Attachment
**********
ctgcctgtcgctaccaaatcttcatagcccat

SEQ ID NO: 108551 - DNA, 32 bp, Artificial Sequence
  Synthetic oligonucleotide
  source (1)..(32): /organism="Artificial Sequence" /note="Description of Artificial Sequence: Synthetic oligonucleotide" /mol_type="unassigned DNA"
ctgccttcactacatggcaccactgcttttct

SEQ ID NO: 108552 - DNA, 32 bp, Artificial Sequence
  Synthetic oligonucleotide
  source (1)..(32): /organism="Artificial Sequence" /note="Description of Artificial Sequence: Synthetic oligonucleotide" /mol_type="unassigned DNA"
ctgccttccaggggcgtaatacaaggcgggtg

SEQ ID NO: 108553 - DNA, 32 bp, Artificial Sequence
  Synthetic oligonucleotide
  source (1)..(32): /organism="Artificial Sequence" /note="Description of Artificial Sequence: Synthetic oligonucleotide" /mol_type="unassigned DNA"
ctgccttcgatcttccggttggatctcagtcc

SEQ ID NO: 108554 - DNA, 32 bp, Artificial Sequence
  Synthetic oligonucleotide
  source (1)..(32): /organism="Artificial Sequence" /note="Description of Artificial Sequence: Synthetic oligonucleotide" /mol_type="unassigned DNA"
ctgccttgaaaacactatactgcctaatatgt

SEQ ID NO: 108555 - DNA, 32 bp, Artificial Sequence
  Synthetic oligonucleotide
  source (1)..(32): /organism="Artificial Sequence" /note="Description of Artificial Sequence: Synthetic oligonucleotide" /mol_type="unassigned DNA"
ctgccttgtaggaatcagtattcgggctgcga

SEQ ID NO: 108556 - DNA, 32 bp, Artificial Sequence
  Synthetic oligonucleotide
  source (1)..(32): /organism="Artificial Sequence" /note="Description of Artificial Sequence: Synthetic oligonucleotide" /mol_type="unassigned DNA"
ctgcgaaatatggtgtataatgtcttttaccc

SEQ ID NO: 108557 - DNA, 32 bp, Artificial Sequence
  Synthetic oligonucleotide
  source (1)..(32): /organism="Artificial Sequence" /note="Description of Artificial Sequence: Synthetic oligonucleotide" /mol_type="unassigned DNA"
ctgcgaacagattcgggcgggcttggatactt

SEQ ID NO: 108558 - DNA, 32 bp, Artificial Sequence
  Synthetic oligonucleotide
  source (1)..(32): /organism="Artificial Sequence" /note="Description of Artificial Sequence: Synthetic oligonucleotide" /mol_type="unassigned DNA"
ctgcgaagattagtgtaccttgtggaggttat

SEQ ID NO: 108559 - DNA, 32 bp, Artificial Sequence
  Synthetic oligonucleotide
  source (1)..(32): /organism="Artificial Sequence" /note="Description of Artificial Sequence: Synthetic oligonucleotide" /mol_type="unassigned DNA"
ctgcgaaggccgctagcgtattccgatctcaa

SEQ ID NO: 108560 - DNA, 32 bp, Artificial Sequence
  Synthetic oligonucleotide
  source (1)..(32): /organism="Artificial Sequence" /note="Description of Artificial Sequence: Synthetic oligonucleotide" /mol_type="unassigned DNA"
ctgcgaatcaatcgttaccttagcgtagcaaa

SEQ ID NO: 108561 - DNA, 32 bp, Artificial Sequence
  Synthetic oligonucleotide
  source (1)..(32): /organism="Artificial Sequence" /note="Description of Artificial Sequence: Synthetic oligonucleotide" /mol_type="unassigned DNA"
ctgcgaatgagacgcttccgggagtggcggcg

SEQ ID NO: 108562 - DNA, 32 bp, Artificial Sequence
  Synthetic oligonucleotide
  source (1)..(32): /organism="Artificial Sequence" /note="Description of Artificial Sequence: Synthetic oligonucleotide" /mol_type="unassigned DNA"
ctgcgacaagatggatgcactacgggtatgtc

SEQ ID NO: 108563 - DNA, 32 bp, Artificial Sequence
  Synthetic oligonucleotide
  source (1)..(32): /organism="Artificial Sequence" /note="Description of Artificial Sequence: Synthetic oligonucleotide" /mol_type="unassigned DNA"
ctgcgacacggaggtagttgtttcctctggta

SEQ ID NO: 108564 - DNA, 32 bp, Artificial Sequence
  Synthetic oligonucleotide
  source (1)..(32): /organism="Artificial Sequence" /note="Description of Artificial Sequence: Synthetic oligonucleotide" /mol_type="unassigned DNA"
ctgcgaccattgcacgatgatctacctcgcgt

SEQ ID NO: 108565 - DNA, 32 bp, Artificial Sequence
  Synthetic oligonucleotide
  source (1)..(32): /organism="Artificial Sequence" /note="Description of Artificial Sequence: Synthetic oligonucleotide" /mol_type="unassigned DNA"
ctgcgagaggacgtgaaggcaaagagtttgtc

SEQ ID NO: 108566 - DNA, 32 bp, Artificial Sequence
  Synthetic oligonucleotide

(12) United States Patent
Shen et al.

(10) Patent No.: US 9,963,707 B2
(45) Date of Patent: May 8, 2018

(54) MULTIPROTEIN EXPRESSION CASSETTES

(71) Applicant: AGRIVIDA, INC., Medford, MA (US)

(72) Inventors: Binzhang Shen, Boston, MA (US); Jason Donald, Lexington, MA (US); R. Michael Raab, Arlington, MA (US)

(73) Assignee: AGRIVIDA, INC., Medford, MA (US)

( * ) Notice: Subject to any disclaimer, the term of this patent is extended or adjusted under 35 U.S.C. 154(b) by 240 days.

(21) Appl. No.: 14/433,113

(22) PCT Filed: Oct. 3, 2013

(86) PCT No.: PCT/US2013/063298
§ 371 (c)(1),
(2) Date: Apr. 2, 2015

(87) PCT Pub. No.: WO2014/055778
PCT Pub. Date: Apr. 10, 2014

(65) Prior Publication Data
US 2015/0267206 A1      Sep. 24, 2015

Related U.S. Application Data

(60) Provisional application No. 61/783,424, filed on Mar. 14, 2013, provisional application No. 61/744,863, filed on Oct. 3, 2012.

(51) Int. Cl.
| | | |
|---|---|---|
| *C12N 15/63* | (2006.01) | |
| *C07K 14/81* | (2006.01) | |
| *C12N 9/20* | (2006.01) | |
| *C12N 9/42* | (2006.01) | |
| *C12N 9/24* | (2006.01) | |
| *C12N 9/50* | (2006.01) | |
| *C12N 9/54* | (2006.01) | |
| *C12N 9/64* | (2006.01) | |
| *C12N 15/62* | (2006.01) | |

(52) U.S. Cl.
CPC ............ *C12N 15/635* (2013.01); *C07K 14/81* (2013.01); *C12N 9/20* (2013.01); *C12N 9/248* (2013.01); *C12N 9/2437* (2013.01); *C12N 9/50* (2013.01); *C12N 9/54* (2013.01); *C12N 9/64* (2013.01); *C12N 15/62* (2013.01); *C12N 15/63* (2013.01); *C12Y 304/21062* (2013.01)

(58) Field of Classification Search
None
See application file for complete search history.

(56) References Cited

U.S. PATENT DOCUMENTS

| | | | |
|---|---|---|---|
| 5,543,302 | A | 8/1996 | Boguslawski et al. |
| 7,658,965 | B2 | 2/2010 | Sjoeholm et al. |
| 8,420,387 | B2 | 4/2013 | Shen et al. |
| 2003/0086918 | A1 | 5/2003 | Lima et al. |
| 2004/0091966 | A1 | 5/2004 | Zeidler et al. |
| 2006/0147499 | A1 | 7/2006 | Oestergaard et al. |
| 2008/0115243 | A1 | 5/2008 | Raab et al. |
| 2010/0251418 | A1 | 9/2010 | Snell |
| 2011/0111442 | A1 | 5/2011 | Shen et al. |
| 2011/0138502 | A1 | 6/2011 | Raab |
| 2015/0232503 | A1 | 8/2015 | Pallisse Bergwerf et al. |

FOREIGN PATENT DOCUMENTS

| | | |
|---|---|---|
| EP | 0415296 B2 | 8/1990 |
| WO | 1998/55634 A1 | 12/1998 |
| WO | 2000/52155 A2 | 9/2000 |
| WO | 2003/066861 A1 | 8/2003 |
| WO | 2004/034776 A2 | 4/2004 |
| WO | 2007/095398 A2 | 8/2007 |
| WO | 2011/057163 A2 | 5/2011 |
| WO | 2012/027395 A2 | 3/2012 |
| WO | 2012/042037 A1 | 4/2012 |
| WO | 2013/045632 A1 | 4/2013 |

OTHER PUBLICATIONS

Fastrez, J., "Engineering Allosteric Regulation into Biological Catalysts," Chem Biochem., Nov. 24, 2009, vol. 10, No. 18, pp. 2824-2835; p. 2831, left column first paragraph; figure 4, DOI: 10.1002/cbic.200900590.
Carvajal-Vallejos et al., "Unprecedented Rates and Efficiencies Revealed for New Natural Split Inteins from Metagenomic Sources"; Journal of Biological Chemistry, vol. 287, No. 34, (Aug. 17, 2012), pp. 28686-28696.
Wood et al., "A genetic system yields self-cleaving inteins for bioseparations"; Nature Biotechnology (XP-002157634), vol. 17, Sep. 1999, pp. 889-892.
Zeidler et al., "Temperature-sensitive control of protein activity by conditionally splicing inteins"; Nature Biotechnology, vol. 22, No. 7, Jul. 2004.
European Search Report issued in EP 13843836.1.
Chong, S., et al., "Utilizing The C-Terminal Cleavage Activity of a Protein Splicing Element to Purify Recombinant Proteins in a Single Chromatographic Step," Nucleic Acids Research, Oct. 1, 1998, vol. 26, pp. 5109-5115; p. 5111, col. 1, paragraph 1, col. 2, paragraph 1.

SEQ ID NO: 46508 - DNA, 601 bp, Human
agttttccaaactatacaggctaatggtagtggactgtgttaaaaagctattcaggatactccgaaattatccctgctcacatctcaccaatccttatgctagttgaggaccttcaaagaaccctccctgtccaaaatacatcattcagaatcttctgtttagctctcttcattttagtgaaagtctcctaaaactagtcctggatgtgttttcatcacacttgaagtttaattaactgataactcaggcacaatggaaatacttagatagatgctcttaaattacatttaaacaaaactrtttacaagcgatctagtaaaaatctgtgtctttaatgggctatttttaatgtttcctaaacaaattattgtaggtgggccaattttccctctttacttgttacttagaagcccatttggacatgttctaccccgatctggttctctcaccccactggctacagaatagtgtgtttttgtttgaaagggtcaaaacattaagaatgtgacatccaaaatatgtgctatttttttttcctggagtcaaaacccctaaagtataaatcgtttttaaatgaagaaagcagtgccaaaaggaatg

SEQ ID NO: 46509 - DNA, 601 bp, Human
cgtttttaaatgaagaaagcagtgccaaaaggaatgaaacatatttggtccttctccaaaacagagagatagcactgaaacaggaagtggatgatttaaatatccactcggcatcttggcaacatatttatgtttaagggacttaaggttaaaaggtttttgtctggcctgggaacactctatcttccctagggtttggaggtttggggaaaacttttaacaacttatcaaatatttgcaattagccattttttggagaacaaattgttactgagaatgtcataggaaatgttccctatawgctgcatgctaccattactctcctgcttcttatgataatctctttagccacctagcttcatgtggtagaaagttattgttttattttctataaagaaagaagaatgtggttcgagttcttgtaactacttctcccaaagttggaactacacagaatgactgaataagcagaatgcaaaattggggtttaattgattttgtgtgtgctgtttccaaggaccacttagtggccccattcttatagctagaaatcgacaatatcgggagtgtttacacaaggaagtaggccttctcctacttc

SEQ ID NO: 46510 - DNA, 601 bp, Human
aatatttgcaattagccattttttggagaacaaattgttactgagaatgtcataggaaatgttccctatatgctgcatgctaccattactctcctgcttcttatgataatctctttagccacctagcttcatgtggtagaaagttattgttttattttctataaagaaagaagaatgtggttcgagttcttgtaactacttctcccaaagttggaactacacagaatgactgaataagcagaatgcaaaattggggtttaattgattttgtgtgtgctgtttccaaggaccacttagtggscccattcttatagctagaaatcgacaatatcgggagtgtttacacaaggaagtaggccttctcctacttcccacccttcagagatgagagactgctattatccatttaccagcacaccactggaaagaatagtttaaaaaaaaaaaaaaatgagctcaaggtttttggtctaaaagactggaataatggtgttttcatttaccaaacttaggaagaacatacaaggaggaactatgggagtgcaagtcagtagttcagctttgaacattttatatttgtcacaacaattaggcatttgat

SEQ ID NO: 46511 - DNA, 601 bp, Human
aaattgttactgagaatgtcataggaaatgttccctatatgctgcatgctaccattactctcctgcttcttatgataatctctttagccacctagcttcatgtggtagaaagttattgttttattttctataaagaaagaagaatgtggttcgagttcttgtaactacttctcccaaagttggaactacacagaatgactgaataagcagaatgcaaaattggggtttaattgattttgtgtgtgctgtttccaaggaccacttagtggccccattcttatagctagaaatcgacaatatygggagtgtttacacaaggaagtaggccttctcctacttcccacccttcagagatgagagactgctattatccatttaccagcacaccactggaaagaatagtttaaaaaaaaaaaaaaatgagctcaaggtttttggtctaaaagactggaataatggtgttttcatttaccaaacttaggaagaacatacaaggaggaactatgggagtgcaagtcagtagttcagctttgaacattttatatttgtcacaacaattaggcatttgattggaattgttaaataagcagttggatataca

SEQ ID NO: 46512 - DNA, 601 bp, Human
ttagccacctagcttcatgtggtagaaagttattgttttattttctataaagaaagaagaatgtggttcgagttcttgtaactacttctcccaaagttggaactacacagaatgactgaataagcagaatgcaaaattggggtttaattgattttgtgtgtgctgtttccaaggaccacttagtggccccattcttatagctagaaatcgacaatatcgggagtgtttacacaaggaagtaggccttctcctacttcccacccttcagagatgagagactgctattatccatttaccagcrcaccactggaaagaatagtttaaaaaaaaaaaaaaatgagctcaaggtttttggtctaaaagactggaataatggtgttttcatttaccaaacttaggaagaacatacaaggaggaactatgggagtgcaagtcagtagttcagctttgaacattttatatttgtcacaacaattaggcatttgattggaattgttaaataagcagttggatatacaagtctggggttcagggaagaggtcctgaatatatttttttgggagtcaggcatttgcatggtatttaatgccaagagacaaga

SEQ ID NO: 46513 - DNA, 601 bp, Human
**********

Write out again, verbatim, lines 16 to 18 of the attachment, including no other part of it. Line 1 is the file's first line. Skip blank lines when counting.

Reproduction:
  source (1)..(32): /organism="Artificial Sequence" /note="Description of Artificial Sequence: Synthetic oligonucleotide" /mol_type="unassigned DNA"
ctgccttgaaaacactatactgcctaatatgt

SEQ ID NO: 108555 - DNA, 32 bp, Artificial Sequence